[Episcopal News Service] The election in November will catch no one by surprise at the Church of St. Martin-in-the-Fields in Philadelphia, Pennsylvania. Dozens of church members are participating in voter education drives, and the congregation’s goal is 100 percent parishioner turnout on election day.
Civic engagement is running just as high at Holy Cross Episcopal Church in Decatur, Georgia, an Atlanta suburb. The congregation is sending parishioners to canvass the neighborhood around the church in support of statewide efforts to register up to 1.2 million new voters.
And in Indiana, the Diocese of Indianapolis has hosted voter outreach events where church volunteers are part of an interfaith initiative seeking to reach more than 100,000 Indianans who haven’t voted before.
“We often talk about how Jesus’ life shows us to be politically active. … We need to care about the most vulnerable members of our community,” said the Rev. Carol Duncan, a deacon who is coordinating St. Martin-in-the-Fields’ participation in election-related efforts. Episcopalians like Duncan have been outspoken in their call to “vote faithfully” because the church alone cannot change unjust systems. “You can’t do that unless you vote,” Duncan said.
Although Episcopalians may be motivated by personal political beliefs, their church-based election efforts are necessarily nonpartisan. Those efforts also are grounded in church policies established by General Convention, which just last month passed additional resolutions calling Episcopalians to greater political engagement. That engagement has the continued support of the church’s Office of Government Relations in Washington, D.C.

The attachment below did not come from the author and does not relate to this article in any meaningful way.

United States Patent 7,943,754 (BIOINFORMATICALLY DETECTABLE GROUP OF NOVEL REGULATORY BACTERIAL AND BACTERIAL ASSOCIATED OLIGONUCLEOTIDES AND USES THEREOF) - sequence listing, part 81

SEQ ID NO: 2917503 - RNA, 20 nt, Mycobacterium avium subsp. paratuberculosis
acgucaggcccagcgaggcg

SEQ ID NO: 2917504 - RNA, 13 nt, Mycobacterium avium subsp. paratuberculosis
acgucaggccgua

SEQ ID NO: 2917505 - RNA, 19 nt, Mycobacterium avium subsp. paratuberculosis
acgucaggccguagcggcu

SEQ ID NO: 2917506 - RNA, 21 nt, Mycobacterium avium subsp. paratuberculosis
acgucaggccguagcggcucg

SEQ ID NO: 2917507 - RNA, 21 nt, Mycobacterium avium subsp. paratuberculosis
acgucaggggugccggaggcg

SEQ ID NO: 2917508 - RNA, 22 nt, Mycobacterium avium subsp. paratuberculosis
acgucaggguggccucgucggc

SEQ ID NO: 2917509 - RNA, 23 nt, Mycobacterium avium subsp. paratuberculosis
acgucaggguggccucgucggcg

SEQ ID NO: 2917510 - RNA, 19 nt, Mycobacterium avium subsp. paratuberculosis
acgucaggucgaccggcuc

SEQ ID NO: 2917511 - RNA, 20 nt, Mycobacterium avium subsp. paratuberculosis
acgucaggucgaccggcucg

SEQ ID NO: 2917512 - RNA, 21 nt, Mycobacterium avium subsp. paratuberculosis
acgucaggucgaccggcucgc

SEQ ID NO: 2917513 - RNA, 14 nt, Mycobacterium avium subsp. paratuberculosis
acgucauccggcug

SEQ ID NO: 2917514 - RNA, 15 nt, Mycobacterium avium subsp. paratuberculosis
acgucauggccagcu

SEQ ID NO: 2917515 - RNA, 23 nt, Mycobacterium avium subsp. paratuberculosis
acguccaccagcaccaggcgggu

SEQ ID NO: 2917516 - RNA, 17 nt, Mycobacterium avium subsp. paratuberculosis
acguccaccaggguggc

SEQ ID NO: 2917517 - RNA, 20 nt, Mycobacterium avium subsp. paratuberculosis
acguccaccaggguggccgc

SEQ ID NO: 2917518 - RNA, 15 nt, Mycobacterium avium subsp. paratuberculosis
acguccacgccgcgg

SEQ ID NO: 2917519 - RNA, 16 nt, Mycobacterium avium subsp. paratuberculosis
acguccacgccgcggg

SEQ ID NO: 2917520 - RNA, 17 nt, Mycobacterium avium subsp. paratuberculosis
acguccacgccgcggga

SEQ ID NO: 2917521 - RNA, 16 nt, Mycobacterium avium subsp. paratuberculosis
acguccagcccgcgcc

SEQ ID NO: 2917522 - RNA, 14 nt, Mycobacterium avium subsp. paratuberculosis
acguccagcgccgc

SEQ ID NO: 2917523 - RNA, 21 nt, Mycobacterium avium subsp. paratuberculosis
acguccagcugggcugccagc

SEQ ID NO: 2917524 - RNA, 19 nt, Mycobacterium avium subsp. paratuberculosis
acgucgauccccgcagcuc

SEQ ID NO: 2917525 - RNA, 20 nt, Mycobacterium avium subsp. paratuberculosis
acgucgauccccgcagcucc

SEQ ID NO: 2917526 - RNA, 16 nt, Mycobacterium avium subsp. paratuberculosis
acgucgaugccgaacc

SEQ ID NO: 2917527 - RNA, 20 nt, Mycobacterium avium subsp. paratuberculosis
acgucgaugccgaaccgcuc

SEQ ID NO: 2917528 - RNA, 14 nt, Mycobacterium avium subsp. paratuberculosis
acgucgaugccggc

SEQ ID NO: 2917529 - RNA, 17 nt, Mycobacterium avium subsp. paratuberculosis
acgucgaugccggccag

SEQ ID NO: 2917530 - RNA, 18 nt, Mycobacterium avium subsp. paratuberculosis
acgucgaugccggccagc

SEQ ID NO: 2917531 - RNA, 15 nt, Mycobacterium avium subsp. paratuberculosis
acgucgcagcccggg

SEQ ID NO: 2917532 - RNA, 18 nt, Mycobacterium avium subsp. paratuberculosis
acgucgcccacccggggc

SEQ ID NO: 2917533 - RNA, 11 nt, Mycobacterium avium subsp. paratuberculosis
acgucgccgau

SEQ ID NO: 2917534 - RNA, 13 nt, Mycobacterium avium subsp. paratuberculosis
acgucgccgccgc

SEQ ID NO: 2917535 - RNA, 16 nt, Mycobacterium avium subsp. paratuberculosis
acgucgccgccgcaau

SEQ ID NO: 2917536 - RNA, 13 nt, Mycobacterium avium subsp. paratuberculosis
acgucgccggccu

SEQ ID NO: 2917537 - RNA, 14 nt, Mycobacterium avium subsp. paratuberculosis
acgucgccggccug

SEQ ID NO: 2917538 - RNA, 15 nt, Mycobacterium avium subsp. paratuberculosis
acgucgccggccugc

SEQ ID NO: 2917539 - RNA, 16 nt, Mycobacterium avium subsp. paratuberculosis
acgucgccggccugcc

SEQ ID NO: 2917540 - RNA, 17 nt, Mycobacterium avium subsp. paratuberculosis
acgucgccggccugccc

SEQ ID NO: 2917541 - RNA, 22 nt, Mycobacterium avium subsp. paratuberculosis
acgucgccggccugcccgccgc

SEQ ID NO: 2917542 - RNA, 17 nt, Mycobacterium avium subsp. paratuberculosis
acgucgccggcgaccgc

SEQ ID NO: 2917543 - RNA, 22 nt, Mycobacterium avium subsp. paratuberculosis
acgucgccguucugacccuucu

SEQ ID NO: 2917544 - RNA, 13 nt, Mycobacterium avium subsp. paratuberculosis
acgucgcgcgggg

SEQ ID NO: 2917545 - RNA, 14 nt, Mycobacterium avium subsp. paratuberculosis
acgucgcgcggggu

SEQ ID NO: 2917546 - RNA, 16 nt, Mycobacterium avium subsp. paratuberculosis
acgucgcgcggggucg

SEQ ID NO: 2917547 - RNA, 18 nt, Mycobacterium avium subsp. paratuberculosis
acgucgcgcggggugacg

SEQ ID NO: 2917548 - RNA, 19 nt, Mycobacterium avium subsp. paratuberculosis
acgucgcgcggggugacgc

“Voting and participation in our government is a way of participating in our common life, and that is a Christian obligation,” Presiding Bishop Michael Curry said in a video statement before the 2016 presidential election. The Office of Government Relations’ Episcopal Public Policy Network referenced Curry’s comments again this week in an updated message about the upcoming elections.
How does someone “vote faithfully”? The message issued Aug. 7 provides resources, including links to voter registration information, states’ voting policies and polling locations. It also links to the Episcopal Church’s voter “toolkit,” which provides further guidance on individual action and community mobilization in ways guided by faith.
“We encourage Episcopalians to engage in the democratic process this fall by promoting voter registration, learning about candidates on the ballot in your area, making a plan for yourself to vote on Election Day, and helping others to do the same,” Office of Government Relations Director Rebecca Linder Blachly told Episcopal News Service. “Our Vote Faithfully Toolkit provides resources for parishes and individuals to get involved and to participate in our civic duty.”
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— The EPPN (@TheEPPN) August 8, 2018
The Rev. Fatima Yakubu-Madus, missioner for community engagement for the Diocese of Indianapolis, saw the emailed message this week and thought it was perfect material to adapt for an upcoming diocesan newsletter. Not everyone in her diocese has time to volunteer with the ongoing voter engagement drives.
Yakubu-Madus took on the missioner role just this year, after serving since 2010 as a deacon at St. John’s Episcopal Church in Speedway, Indiana. While at St. John’s, she regularly participated in neighborhood canvassing – knocking on doors, encouraging people to vote and helping them register if they weren’t yet registered.